5ML treatment resulted in a significantly increased number of arterioles in the infarction (p = 0.014; Figure 6C and 6D) and peri-infarction area (p = 0.033; Figure 6C) on day 28 post MI. Interestingly, a non-significant trend for increased formation of small arteries in the infarction area in the 5ML group was observed (p = 0.186; Figure S4 in the Supporting Information file). Surprisingly, no significant difference was observed in the number of capillaries in the infarction (p = 0.129; Figure 6A and 6B) and peri-infarction area (p = 1.00; Figure 6A), as well as in Ki67 expression (p = 0.478; data not shown) between the groups. Additional in vitro experiments revealed that 5ML is able to significantly increase the migration ability of endothelial cells (HUVECs) as well as vascular smooth muscle cells (SMCs) (Figure 6E). Analysis of the proliferation of 5ML treated HUVECs and SMCs revealed no effect on smooth muscle cells below 10 µM (significantly reduced proliferation with 10 µM 5ML) but a significant increase in the proliferation of HUVECs treated with 10 µM 5ML (Figure S2A and S2B, Supporting Information file).

Figure 6. 5ML treatment induces arteriogenesis in the peri-infarction and infarction area of rat hearts after MI and activates the migration ability of smooth muscle cells as well as endothelial cells.

Figure 6A shows the quantification of the capillary density in the infarction and peri-infarction area on HE stained heart sections (n = 7 per group). Representative images of capillaries in the infraction area are shown in Figure 6B (black arrows; magnification 100×). Quantitative image analysis of the arteriole density in the peri-infarction and infarction area of all animals (n = 7 per group) are shown in Figure 6C and representative images of arterioles in the infarction area are shown in Figure 6D (black arrows; magnification 63×). The effect of 5ML in an in vitro wound scratch assay with HUVECs and SMCs is depicted in Figure 6E (data are expressed as% scratch closure after 6 hours). The in vitro experiments were performed in triplicates. Asterisks indicate significant differences (* p<0.05; ** p<0.01) compared to the corresponding controls or control group.


To increase angiogenesis, arteriogenesis and therefore the blood supply to tissue is highly desirable in a large number of cardiovascular diseases. Despite some progress that has been made in the past e.g. by applying VEGF and bFGF (including gene therapy), these pro-angiogenic treatments have, until today, not resulted in routine clinical applications. Further, nucleic acids, peptides and proteins are relative large hydrophilic molecules, which significantly limits their diffusion rates, hence their therapeutic effectiveness in vivo. Based on this knowledge, we conducted a search for small hydrophobic compounds, capable of stimulating angiogenesis. 5ML, a novel structure type lignan isolated from the roots of Edelweiss, is a potent inducer of angiogenesis in vitro and surprisingly, also of arteriogenesis in vivo. Based on the results reported herein it seems likely that 5ML stimulates angiogenesis in vitro by upregulation of CYP26B1 expression. Previously, several reports have been published showing that an inhibition of CYP activity results in the inhibition of angiogenesis, whereas a stimulation of CYP activity leads to angiogenesis [25], [26]. Reported mechanisms are mainly based on the formation of arachidonic acid metabolites which induce factors like VEGF, MMP9, and EGFR [25], [27]. In line, our experiments show (in the absence of 5ML) that a knock down of CYP1A1 and CYP26B1 potently reduced spontaneous angiogenesis in human endothelial cells (see Figure 3C). Importantly, the increase in angiogenesis by 5ML, was only inhibited by a knock down of CYP26B1, clearly demonstrating the relevance of CYP26B1 in 5ML-induced stimulation of angiogenesis. As can be seen in Figure 3C, 5ML caused only a relatively small increase in HUVEC tube formation. We assume that HUVECs in vitro due to potent stimulation by serum and growth factors show a relative high degree of spontaneous tube formation and capillary sprouting, and that for this reason it is hardly possible to increase tube formation and sprouting rates. Yet, 5ML was capable of significantly increasing pro-angiogenic behavior of HUVECs and HMVECs.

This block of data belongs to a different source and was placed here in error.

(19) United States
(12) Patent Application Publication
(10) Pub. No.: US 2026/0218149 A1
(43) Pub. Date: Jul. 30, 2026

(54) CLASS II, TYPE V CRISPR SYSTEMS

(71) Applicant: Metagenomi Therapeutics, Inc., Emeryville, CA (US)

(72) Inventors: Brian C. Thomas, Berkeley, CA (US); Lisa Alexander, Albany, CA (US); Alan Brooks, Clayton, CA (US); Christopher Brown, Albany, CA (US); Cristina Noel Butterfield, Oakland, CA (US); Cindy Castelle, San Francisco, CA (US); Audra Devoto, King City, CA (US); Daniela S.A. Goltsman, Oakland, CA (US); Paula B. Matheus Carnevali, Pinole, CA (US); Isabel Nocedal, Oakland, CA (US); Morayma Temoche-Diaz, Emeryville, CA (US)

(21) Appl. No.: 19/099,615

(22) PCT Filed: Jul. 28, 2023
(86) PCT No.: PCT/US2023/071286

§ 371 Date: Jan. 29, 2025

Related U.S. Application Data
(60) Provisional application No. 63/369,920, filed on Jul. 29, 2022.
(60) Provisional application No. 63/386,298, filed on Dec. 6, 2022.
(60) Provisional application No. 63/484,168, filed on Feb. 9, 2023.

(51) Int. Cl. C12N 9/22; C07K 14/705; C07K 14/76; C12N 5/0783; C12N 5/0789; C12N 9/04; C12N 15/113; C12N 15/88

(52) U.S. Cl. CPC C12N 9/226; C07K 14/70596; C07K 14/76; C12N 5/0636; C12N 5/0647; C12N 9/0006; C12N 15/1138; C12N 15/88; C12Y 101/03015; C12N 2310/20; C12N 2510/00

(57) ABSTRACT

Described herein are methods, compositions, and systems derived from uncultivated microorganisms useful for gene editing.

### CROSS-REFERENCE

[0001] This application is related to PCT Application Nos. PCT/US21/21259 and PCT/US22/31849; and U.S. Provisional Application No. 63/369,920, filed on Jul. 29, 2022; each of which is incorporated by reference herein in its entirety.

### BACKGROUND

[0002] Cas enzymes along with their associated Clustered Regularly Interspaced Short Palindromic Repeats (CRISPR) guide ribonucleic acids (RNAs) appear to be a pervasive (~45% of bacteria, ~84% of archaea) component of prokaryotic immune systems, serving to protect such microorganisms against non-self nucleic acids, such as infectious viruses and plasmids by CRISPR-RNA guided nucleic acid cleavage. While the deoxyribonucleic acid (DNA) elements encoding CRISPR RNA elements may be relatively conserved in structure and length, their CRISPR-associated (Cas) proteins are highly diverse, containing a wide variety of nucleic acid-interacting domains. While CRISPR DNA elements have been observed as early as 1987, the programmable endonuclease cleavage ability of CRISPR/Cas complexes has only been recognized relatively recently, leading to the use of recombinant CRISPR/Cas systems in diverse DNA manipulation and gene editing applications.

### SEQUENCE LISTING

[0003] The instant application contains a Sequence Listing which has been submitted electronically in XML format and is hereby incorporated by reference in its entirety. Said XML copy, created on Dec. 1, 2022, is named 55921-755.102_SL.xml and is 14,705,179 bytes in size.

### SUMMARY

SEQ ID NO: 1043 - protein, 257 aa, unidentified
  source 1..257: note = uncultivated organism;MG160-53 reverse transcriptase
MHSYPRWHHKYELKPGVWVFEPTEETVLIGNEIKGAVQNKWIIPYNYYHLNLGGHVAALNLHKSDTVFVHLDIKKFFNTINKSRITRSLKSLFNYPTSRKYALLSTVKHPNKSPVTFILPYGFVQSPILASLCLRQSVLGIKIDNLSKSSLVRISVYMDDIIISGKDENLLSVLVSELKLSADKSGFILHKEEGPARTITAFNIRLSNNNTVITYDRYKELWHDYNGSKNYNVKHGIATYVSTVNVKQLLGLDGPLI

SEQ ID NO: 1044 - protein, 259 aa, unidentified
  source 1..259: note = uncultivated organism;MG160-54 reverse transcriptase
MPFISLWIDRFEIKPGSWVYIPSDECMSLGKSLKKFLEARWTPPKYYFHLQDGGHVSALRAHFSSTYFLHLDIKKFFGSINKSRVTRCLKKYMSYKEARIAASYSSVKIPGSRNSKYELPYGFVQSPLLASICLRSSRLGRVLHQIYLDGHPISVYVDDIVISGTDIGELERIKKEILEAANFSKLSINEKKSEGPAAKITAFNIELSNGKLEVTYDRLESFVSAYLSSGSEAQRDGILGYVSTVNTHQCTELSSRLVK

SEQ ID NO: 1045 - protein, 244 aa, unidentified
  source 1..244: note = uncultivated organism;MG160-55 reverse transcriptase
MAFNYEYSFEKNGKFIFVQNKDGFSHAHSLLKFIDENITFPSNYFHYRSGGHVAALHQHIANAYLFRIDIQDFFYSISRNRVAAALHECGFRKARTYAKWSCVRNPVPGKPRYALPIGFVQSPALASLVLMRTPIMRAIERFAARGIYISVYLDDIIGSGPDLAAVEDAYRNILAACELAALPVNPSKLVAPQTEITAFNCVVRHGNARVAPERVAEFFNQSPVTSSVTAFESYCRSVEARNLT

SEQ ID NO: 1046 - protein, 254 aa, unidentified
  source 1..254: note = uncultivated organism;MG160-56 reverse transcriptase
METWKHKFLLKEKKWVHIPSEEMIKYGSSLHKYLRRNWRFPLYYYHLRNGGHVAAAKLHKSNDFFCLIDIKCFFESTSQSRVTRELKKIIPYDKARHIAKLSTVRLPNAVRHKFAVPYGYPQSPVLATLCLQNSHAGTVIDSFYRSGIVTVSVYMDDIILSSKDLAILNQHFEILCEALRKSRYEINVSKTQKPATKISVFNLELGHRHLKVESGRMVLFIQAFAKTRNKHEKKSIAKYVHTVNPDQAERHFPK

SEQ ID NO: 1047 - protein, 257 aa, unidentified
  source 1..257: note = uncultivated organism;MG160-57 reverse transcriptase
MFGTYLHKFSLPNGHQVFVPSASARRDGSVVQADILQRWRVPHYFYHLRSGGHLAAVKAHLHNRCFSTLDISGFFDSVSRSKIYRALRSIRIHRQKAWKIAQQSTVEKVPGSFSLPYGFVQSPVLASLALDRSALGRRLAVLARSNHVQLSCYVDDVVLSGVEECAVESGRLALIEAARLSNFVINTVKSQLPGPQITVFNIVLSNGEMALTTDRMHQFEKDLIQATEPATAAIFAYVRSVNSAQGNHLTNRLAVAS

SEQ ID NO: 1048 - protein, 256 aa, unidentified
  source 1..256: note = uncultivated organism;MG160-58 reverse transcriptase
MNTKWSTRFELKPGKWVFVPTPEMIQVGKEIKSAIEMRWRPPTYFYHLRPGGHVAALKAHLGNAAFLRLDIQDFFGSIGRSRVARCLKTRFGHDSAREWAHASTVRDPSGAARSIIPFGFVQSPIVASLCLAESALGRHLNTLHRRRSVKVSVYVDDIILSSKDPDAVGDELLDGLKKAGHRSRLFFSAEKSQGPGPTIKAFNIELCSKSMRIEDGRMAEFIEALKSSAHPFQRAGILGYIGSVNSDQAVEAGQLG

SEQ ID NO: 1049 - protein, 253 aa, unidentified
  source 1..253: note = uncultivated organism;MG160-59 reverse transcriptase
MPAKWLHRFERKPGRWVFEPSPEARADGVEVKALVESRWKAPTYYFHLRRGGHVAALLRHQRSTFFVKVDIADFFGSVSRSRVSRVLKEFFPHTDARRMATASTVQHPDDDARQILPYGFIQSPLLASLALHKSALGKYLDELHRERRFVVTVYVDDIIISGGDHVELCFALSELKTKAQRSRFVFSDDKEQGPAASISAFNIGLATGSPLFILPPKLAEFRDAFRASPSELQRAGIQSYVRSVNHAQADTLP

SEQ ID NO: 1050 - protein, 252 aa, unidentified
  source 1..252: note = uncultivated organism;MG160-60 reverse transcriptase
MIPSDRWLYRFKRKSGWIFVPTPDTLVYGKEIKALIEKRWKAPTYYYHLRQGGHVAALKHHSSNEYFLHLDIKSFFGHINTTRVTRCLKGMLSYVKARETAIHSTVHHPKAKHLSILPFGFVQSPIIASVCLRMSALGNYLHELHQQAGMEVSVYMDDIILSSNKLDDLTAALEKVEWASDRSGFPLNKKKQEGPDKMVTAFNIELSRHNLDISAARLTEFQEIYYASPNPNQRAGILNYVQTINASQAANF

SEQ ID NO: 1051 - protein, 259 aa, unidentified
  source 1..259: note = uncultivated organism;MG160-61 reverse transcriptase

In the resting or low proliferating myocardium in vivo, the effect of 5ML was significantly higher (Figure 4, 5, and 6). The role of CYP26B1 in angiogenesis has to our knowledge not been studied so far, however CYP26B1 is known to inactivate all-trans-retinoic acid (atRA) by generating hydroxylated forms. atRA is well known to play a significant role in tissue maintenance and differentiation of various cell types, including stem cells [28]. As can be seen in Figure 5C, CYP26B1 expression was nearly absent in the infarct area of control hearts (also the rest of the heart of both groups showed hardly any CYP26B1 expression). Accordingly it may be speculated that the upregulation of CYP26B1 is a physiological response to damage in the heart, aiming to increase vascularisation. Further, we hypothesize that 5ML, by up-regulating CYP26B1 expression and CYP26B1 activity may reduce retinoic acid levels in the infarction area; that reduced retinoic acid levels lead to a reduction of pro-differentiation pressure in the tissue; and that a reduction of differentiation pressure leads to the activation of angiogenesis. However, quantification of capillary and arteriole density in the infarction area revealed an increased number of mature arterioles and no change in the number of capillaries in the 5ML treated hearts. Hence, the authors hypothesize that on day 28 post MI most of the initial immediate regenerative processes like proliferative angiogenesis may no longer be active; but 5ML induced intermediate late processes are on-going, like activated migration of endothelial and smooth muscle cells, needed for the development of arterioles (shown by the in vitro wound healing assay).